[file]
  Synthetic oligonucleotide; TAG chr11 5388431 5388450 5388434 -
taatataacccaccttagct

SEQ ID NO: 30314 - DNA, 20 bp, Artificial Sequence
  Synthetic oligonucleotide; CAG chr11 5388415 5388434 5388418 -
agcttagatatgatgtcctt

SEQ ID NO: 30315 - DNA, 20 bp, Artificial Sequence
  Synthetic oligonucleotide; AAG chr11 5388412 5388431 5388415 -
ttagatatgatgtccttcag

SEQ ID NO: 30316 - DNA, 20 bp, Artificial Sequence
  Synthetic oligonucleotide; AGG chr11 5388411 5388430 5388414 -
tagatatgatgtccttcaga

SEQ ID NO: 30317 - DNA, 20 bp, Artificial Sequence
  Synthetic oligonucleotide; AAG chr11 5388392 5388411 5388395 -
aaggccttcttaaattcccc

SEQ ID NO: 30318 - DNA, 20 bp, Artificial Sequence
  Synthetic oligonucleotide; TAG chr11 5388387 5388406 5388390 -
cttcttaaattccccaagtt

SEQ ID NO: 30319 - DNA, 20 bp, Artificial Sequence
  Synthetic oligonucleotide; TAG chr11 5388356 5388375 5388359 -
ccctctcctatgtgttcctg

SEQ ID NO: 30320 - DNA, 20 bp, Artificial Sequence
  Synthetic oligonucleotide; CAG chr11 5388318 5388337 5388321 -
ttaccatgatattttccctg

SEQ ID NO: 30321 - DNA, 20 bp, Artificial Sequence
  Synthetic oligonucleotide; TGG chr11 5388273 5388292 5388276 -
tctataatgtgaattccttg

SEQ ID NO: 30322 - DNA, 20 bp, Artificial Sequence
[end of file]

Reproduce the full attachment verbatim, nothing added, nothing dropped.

  Synthetic oligonucleotide; TAG chr11 5388431 5388450 5388434 -
taatataacccaccttagct

SEQ ID NO: 30314 - DNA, 20 bp, Artificial Sequence
  Synthetic oligonucleotide; CAG chr11 5388415 5388434 5388418 -
agcttagatatgatgtcctt

SEQ ID NO: 30315 - DNA, 20 bp, Artificial Sequence
  Synthetic oligonucleotide; AAG chr11 5388412 5388431 5388415 -
ttagatatgatgtccttcag

SEQ ID NO: 30316 - DNA, 20 bp, Artificial Sequence
  Synthetic oligonucleotide; AGG chr11 5388411 5388430 5388414 -
tagatatgatgtccttcaga

SEQ ID NO: 30317 - DNA, 20 bp, Artificial Sequence
  Synthetic oligonucleotide; AAG chr11 5388392 5388411 5388395 -
aaggccttcttaaattcccc

SEQ ID NO: 30318 - DNA, 20 bp, Artificial Sequence
  Synthetic oligonucleotide; TAG chr11 5388387 5388406 5388390 -
cttcttaaattccccaagtt

SEQ ID NO: 30319 - DNA, 20 bp, Artificial Sequence
  Synthetic oligonucleotide; TAG chr11 5388356 5388375 5388359 -
ccctctcctatgtgttcctg

SEQ ID NO: 30320 - DNA, 20 bp, Artificial Sequence
  Synthetic oligonucleotide; CAG chr11 5388318 5388337 5388321 -
ttaccatgatattttccctg

SEQ ID NO: 30321 - DNA, 20 bp, Artificial Sequence
  Synthetic oligonucleotide; TGG chr11 5388273 5388292 5388276 -
tctataatgtgaattccttg

SEQ ID NO: 30322 - DNA, 20 bp, Artificial Sequence